1 Simple Trick to Supercharge Dividend Stock Returns

One simple trick can turn great dividend growth companies into spectacular investments.

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The Motley Fool

There’s a really simple way to invest that’s been proven to beat the market over the long term. It’s a philosophy that’s repeated often for one simple reason — it works.

Study after study has proven that companies that pay dividends that rise over time tend to outperform the stock market as a whole. If investors bundle the best of these into one portfolio, chances are they can beat the market as well. Of course, we all know the big struggle lies in identifying the best companies.

But it’s not the dividend that makes these investments successful. Think about it this way: Would any of the largest and most successful Canadian companies be as dominant as they are if they no longer paid a dividend? Of course they would be. It’s things like having a competitive advantage, terrific management, and scalable business models that make these companies successful. Thus, a rising dividend is a result of success, not a reason for it.

Therefore, a company’s rising dividend can be a huge reason why investors would own a stock. An annual dividend increase by management is a sign of many good things going on behind the scenes. This is why dividend growth investing is so popular. It just works.

There’s an easy way for investors focused on dividend growth to take this type of investing to the next level. All they need to do is reinvest their dividends. Let’s look at some examples.

Real-life examples

Let’s take a look at how Telus (TSX: T)(NYSE: TU) shares would have performed if investors had reinvested their dividends over the past five years. The share price moved from $15.48 per share in 2009 to $41.38 as I write this. The dividend grew more than 50%, rising from $0.24 per quarter to $0.38 per quarter.

Investors who took Telus dividends as cash would have enjoyed a 22.6% return, while investors who reinvested their dividends into more Telus shares would have earned a 23.1% return. The investor who used a dividend reinvestment plan to purchase more Telus shares would also be sitting on 5% more shares than someone who simply took their dividends in cash.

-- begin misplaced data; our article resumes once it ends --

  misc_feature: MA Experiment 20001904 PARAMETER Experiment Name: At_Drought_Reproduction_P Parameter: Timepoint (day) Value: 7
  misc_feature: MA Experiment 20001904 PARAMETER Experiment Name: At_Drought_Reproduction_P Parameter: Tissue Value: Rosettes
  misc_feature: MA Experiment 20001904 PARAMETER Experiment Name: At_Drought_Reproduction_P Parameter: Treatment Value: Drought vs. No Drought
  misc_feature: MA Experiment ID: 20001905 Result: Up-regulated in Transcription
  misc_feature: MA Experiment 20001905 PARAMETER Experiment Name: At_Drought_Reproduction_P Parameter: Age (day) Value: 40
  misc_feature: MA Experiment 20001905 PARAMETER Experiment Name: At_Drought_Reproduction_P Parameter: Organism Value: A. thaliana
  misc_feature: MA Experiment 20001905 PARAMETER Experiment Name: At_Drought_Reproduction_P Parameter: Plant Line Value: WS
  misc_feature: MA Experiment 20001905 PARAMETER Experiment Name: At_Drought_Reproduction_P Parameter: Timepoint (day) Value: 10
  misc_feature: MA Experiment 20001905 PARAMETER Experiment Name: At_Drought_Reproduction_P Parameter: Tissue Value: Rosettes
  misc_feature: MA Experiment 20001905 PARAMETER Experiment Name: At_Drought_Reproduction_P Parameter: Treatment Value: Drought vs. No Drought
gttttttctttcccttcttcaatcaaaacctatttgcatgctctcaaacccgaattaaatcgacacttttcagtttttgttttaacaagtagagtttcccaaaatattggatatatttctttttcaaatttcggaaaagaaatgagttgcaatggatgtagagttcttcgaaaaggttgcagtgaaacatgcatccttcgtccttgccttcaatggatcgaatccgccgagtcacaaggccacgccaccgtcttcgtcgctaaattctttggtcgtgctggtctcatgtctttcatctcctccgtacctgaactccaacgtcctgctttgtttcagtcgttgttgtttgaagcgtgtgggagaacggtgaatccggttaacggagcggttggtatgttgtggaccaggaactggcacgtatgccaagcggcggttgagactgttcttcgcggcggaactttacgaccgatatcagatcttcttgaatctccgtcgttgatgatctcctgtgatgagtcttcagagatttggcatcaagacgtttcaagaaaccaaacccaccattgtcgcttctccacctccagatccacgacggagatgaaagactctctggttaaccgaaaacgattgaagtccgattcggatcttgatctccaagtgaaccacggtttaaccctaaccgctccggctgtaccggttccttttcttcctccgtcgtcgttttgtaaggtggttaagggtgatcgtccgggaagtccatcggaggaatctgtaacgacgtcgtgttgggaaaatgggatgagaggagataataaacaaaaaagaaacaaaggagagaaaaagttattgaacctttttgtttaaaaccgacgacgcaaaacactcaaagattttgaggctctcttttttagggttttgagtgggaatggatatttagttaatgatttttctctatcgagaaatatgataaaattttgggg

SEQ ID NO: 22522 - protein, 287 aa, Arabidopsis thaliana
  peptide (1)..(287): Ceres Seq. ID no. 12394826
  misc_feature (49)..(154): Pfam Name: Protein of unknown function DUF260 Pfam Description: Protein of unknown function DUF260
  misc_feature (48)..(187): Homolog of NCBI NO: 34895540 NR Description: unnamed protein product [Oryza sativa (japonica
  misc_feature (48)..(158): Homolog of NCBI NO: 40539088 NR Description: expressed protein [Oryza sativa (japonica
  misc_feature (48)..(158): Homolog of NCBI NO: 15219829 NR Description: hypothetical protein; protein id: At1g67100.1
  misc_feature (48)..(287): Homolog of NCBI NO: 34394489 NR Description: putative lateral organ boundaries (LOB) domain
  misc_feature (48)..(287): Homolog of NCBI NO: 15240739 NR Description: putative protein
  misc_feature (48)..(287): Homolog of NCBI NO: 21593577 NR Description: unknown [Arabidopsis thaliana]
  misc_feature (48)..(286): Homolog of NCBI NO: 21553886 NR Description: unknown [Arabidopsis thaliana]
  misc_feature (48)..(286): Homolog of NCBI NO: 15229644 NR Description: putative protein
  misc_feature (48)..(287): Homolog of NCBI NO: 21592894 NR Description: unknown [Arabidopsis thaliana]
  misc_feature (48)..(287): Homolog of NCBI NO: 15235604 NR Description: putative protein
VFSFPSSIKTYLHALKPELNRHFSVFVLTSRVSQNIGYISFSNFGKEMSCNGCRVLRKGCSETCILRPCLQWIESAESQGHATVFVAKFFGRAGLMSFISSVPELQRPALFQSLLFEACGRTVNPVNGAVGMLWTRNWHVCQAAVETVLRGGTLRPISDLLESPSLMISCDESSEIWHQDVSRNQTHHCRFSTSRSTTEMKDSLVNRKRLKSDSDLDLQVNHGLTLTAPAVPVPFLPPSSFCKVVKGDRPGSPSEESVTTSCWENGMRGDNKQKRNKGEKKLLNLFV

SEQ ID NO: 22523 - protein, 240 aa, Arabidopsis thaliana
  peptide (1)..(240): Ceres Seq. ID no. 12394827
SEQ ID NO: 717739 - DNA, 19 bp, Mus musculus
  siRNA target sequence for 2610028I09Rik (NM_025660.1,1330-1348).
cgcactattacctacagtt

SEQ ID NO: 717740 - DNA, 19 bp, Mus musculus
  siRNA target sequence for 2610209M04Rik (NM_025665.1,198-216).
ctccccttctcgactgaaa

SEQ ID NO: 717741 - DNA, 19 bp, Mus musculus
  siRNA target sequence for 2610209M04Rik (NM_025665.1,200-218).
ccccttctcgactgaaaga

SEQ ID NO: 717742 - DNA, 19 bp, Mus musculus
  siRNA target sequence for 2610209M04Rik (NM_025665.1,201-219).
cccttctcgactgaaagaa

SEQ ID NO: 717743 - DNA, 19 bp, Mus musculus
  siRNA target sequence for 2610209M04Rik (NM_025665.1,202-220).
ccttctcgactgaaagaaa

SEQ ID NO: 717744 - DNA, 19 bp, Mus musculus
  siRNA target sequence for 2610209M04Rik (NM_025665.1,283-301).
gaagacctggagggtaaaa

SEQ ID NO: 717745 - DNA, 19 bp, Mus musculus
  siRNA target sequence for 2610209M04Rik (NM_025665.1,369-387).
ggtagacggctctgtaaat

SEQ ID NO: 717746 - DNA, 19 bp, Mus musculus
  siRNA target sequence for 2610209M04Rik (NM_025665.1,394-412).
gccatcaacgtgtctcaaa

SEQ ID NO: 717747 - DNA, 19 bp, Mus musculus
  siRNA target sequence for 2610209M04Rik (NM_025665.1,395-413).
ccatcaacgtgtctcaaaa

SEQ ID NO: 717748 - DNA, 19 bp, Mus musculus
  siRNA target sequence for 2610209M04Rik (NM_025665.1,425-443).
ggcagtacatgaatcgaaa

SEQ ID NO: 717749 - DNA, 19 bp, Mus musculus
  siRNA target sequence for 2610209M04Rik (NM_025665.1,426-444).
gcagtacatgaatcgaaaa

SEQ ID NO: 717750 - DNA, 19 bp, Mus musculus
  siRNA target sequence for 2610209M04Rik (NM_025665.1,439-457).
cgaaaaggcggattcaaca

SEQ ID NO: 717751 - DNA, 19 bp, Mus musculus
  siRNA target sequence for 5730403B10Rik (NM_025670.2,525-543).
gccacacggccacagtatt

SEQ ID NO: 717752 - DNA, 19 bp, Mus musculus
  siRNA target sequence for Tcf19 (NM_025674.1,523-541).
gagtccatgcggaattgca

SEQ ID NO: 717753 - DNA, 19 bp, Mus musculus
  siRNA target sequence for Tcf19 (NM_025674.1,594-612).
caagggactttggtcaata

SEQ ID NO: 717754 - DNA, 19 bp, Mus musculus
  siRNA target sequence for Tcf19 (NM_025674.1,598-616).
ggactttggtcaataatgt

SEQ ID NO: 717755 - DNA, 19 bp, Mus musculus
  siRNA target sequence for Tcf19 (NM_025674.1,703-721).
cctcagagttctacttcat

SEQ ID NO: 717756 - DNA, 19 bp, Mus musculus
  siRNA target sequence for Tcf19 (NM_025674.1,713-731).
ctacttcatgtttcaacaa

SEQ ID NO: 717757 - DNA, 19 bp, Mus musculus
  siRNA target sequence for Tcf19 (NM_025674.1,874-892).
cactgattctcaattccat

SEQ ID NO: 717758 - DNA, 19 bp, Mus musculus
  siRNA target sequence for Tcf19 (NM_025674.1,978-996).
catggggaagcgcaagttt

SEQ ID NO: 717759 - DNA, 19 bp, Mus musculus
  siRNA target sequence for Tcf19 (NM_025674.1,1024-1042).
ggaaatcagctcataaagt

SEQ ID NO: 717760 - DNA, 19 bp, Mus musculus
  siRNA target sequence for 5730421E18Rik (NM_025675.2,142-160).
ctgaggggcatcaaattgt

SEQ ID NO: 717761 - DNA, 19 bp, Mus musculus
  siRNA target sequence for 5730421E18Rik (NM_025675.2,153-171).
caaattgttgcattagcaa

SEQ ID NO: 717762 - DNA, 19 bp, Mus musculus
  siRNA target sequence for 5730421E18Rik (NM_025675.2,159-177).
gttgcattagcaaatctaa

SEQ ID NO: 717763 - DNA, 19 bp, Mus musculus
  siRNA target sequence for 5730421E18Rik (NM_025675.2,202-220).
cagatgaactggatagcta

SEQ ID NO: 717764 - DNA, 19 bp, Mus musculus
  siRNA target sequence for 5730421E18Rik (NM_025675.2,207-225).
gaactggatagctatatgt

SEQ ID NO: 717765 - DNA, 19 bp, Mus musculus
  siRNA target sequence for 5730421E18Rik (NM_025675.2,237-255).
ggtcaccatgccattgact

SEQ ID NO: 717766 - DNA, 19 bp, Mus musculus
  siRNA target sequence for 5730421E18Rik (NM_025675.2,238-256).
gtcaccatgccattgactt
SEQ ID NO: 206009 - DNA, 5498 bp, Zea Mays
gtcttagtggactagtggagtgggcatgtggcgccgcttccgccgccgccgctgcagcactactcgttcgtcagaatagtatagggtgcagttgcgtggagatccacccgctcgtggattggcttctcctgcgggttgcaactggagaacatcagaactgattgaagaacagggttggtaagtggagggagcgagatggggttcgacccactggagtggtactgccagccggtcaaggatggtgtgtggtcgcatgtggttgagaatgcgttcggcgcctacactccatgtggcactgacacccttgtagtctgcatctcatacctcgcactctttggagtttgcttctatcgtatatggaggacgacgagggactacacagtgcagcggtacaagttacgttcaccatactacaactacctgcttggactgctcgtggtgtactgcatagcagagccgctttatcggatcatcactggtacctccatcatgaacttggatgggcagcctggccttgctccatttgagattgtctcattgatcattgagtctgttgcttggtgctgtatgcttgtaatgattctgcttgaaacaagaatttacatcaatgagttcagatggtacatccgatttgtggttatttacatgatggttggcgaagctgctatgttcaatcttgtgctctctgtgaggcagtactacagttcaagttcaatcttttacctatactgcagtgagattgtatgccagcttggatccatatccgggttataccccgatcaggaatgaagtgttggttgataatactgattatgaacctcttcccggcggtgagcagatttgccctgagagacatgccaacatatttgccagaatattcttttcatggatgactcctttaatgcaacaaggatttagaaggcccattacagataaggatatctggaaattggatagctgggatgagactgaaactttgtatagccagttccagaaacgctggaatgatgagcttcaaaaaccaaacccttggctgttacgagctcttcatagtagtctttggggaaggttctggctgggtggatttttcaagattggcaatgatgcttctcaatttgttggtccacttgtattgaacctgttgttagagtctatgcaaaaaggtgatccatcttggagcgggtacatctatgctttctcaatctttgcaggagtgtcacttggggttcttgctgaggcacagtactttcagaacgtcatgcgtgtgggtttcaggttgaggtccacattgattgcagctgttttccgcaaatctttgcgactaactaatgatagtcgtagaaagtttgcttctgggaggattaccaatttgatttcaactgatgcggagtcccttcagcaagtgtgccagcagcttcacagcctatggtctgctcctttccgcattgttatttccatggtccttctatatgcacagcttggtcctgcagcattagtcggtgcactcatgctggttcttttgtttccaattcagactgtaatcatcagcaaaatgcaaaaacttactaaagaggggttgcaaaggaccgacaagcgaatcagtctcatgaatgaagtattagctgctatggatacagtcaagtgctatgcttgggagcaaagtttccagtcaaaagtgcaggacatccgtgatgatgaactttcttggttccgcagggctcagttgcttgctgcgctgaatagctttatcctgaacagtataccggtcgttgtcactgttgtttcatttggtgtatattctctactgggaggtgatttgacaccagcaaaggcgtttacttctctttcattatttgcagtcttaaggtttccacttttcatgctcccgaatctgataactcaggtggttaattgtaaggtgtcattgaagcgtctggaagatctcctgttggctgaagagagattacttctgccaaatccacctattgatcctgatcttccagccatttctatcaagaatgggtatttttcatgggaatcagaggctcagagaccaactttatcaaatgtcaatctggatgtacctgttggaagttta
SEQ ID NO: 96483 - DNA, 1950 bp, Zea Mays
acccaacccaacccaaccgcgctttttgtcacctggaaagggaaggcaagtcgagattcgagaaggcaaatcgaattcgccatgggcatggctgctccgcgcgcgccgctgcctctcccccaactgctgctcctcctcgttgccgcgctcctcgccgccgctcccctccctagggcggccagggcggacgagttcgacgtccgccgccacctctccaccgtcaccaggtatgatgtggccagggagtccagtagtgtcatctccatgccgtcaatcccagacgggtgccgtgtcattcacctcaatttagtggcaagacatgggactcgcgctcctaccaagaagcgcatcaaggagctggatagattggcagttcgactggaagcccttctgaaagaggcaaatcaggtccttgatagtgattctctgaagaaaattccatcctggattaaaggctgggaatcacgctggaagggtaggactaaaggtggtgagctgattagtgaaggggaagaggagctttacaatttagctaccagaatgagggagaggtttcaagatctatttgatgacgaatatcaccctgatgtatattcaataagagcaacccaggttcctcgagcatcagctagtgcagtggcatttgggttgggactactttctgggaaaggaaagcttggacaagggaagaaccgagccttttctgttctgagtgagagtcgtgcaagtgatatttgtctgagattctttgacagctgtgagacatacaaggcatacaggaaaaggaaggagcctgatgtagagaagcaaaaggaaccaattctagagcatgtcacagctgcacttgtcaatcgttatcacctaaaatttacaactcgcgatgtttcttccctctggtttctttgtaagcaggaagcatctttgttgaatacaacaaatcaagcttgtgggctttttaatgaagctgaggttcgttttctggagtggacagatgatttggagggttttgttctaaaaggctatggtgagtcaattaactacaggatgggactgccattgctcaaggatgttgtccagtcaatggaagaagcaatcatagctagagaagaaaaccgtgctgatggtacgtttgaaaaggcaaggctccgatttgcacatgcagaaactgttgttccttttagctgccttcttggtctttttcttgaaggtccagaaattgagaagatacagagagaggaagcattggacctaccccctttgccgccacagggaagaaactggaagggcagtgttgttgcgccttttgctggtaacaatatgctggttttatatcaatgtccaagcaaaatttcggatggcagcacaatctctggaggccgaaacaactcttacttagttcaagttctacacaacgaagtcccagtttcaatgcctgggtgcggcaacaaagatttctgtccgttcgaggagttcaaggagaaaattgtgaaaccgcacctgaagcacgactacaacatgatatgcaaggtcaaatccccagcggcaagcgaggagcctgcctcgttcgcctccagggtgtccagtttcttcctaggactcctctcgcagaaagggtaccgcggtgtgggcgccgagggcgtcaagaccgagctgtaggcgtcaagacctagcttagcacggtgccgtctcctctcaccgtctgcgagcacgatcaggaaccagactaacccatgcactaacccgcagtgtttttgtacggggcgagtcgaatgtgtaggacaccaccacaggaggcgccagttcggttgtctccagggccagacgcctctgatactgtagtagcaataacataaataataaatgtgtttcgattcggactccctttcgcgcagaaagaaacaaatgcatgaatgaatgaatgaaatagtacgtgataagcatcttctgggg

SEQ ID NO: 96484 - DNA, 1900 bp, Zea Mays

As more time passes, returns increase. Shareholders in BCE (TSX: BCE)(NYSE: BCE) have had a nice decade. Shares increased more than 90% during this time period, which includes a botched takeover attempt in 2008 and terrible economic conditions in 2009. The company continued to chug along though, increasing dividends by an average of 6.4% per year.

During the last decade, investors who took their dividends as cash would have enjoyed a 7.6% annual return, while investors who used a DRIP to reinvest their dividends into more BCE shares would have enjoyed an 8.0% annual return. Not only would reinvesting dividends have yielded almost a 5% greater return on an annual basis, but the investor who reinvested their dividends would have ended the decade with 13% more shares.

The longer an investor stays invested in a company, the wider the gap between returns will get. Over the past 20 years, shares in Bank of Nova Scotia (TSX: BNS)(NYSE: BNS) have gained an average of 12.7% a year, while the company’s dividend has gone up an average of 11.1% annually during the same time period.

Over the last 20 years, shareholders in Bank of Nova Scotia have would have enjoyed a 13.1% annualized return, assuming they took the dividends as cash. Investors who reinvested their dividends into more company shares would have enjoyed a 13.9% annualized return. Investors who reinvested their dividends outperformed by nearly 10% just by using their dividends to buy more shares.

It gets even better. Let’s assume each investor purchased 100 shares. After 20 years, the investor who reinvested their dividends would now be sitting on 124 shares, while the other investor would still hold only the original 100. The DRIP investor would enjoy 24% more dividends than the other investor this year, and that gap would only widen with the passage of time.

If both investors manage to hold on to their shares for 40 years, the DRIP investor would hold more than 45% more shares than the investor who received their dividends in cash, assuming the same rates of growth.

It’s really quite simple for dividend growth investors to outperform. The longer investors let these dividend growth machines grow, the more impressive results get. Why bother taking your dividends in cash when you can just simply reinvest them in more shares of some of Canada’s best companies? It really is that simple.

This article represents the opinion of the writer, who may disagree with the “official” recommendation position of a Motley Fool premium service or advisor. We’re Motley! Questioning an investing thesis — even one of our own — helps us all think critically about investing and make decisions that help us become smarter, happier, and richer, so we sometimes publish articles that may not be in line with recommendations, rankings or other content.

Fool contributor Nelson Smith has no position in any company mentioned in this article. 

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